Blast from the past... Buck Rogers collection brings over $100,000

Dan Morphy's Toy Auction took place back on January 29th, but many of the details have only just been released, and they hold important information for investors in vintage toys.

Compared to modern film depictions of time-travelling space explorers who effortlessly venture to galaxies where no man has gone before, the early 20th-century spaceman Buck Rogers looks positively primitive.

The invention of artist Philip Francis Nowlan, Rogers was introduced in the August 1928 issue of the pulp magazine Amazing Stories and later evolved into a star of syndicated comic strips, movies, radio and television.

Along the way, a Buck Rogers franchise developed and became a money machine through an array of licensed products, especially toys. Some say the Buck Rogers "raygun" of 1934 was the item that launched the era of pop-culture merchandising.

Although Buck Rogers' swashbuckling adventures might seem almost comical today, the demand for early toys associated with Buck, his companion Wilma Deering and their various sidekicks, is stronger than ever.

A collection of Buck Rogers toys amassed over 40 years by a Chicago man, the late Wayne Jagielski, brought in more than $103,500 (all prices quoted include 15% buyer's premium) at Morphy's Jan. 29 auction in Denver, Pa. The overall total for the sale of antique and vintage toys was $420,000.

Buck Rogers
A remarkably scary Buck Rogers badge

"About 10 family members, including Mr. Jagielski's wife, children, nephews and in-laws, traveled from Chicago to attend the sale," said Morphy's CEO Dan Morphy. "They all felt a very sentimental connection to the toys, which had been displayed in their own room in the family home for many years.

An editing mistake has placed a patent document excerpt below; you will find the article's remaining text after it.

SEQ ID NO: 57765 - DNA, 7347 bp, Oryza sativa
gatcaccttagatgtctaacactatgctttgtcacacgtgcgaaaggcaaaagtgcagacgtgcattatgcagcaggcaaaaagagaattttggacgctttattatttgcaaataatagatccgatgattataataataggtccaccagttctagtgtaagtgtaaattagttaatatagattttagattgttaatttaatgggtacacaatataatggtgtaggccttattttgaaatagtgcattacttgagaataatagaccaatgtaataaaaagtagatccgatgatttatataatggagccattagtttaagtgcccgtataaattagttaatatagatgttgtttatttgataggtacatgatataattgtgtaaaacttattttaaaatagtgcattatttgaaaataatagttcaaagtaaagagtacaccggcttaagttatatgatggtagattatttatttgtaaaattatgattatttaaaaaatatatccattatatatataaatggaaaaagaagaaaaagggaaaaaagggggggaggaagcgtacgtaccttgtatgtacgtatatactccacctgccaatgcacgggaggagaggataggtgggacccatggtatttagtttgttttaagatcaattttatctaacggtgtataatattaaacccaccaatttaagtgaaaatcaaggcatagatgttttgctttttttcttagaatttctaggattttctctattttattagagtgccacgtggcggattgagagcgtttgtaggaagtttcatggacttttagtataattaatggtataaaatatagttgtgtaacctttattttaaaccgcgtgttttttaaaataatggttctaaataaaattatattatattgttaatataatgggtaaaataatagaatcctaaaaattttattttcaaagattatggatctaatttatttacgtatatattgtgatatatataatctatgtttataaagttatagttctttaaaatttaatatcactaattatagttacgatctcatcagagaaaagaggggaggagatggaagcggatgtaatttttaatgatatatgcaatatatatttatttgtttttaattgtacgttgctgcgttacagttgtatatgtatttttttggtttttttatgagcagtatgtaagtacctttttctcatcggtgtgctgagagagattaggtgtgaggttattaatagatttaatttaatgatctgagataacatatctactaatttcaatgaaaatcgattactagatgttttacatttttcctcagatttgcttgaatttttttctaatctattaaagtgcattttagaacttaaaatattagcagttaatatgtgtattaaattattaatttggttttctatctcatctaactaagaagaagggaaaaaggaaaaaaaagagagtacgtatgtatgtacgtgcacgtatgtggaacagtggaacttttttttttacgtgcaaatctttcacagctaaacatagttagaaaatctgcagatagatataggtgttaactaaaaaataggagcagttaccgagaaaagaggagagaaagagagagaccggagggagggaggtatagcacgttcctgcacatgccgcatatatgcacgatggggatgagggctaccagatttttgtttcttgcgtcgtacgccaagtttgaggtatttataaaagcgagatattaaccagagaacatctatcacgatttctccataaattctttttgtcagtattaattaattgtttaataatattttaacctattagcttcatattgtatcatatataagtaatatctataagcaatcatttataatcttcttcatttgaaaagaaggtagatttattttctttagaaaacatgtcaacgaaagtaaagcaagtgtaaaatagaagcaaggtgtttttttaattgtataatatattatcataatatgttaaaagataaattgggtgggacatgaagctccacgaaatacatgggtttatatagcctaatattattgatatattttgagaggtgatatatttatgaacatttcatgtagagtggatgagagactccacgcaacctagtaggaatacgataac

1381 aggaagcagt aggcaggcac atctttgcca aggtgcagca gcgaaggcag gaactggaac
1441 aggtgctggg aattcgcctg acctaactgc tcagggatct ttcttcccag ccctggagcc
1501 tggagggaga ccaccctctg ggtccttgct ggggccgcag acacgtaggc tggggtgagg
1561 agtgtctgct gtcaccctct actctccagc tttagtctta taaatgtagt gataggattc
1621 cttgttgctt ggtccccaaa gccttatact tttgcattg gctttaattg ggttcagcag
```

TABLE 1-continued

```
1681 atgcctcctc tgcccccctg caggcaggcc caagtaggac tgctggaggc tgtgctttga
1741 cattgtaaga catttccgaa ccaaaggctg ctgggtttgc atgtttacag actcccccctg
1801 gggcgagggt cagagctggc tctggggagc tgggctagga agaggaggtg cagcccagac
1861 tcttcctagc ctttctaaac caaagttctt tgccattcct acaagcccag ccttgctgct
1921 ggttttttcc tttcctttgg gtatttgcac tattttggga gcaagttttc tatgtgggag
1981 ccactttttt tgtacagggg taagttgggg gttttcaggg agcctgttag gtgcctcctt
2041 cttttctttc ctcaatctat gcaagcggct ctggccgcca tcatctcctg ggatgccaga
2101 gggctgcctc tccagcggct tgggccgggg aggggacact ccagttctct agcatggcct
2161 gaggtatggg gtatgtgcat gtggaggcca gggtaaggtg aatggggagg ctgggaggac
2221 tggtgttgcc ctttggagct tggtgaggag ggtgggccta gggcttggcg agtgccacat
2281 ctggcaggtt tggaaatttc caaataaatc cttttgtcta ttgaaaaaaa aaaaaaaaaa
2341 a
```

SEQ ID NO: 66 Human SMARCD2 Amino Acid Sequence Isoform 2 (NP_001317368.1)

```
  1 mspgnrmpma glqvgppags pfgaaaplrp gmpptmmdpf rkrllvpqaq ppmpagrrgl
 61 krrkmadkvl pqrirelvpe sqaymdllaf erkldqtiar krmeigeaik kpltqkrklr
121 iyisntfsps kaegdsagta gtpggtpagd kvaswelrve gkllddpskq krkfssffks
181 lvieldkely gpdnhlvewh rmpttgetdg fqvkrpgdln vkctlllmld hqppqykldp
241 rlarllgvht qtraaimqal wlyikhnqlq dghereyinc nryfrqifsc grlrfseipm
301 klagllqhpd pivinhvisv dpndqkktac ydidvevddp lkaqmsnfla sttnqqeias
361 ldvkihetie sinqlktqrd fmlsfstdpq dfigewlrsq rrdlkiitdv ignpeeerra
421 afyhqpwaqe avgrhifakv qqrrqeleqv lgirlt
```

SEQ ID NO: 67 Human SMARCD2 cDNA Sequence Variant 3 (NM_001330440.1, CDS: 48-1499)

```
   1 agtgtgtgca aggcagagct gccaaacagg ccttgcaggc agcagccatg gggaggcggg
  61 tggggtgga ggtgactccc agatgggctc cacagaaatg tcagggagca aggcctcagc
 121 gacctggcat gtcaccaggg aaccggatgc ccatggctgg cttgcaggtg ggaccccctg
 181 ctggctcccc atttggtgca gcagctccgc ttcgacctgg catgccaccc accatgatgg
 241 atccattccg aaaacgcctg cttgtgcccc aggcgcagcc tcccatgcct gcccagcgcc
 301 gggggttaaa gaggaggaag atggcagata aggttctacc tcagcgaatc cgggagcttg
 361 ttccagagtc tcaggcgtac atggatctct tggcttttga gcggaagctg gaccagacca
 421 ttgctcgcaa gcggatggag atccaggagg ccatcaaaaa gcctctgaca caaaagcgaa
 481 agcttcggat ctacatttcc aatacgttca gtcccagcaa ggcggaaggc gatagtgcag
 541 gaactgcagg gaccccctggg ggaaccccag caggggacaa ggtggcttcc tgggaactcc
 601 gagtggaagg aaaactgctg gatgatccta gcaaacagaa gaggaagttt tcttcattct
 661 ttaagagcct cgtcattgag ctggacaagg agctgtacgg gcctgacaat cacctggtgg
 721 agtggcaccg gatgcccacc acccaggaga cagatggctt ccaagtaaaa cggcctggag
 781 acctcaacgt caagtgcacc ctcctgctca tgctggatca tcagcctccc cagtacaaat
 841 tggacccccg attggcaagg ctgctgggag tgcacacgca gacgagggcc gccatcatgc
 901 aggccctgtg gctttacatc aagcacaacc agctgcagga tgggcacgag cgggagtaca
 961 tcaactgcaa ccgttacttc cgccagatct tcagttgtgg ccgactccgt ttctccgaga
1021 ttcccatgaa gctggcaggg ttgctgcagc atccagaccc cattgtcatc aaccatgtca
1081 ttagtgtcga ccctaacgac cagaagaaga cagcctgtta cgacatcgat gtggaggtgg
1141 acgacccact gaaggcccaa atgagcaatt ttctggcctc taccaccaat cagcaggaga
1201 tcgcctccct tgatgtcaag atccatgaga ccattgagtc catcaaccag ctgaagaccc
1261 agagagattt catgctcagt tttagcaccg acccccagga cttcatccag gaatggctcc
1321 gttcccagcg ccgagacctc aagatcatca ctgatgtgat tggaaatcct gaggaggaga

The auction represented a very emotional parting for the family - they said they had come to say goodbye to Dad's things."

Jagielski's collection also included articles related to Buck Rogers contemporaries and followers, like Tom Corbett, and spanned the space toy spectrum, from spaceships and spaceports to maps, guns, rings, watches, skates and books.

 In most cases, the toys retained their original boxes and accompanying instructions or sales literature, extras that sometimes can double the price of a collectible at auction.

Measuring only 3 inches in diameter, a 1936 woven Buck Rogers Solar Scout patch originally obtained by sending in 15 cents and a box top from Cream of Wheat cereal was a hotly pursued lot. Considered the rarest of all Buck Rogers premiums, it met its presale estimate range of $4,000-$8,000 with a winning bid of $4,300.

A 1950s set of Cherilea die-cast spacemen, rocket ships and other figures realized $3,162.50 (estimate $1,000 to $2,000), while a lot of 10 Britains Buck Rogers premium figures earned identical money against an estimate of $400 to $800.

Other Buck Rogers highlights included a set of comic strip cards, $2,587 (estimate $1,000 to $2,000); a circa-1939 Popsicle advertising sign, $2,070 (estimate $800 to $1,200); and a child's uniform with helmet - one of the most popular Buck Rogers items ever marketed, $2,185 ($1,000 to $1,500).

A few lots in the sale had come from other consignors, including a set of English-made Johillco die-cast space figures still attached to the original cardboard insert. The set's colorful original box even bore a partial F.A.O. Schwarz price sticker.

Estimated at $1,000-$2,000, the set flew to $8,625. According to Morphy, a space toy expert who attended the sale said the figures in the Johillco set weren't particularly rare, but the box and insert were "unbelievably rare… He had never seen the set in a complete state."

Most of the top lots in the Jagielski collection went to U.S. buyers, but the remainder found new owners worldwide. "The Internet sold things to three continents, at least," Morphy said.

"There were buyers in Japan, China, Turkey, Germany…less than 10% of the collection sold to bidders in the gallery. It was 90% sold through the Internet and phones."


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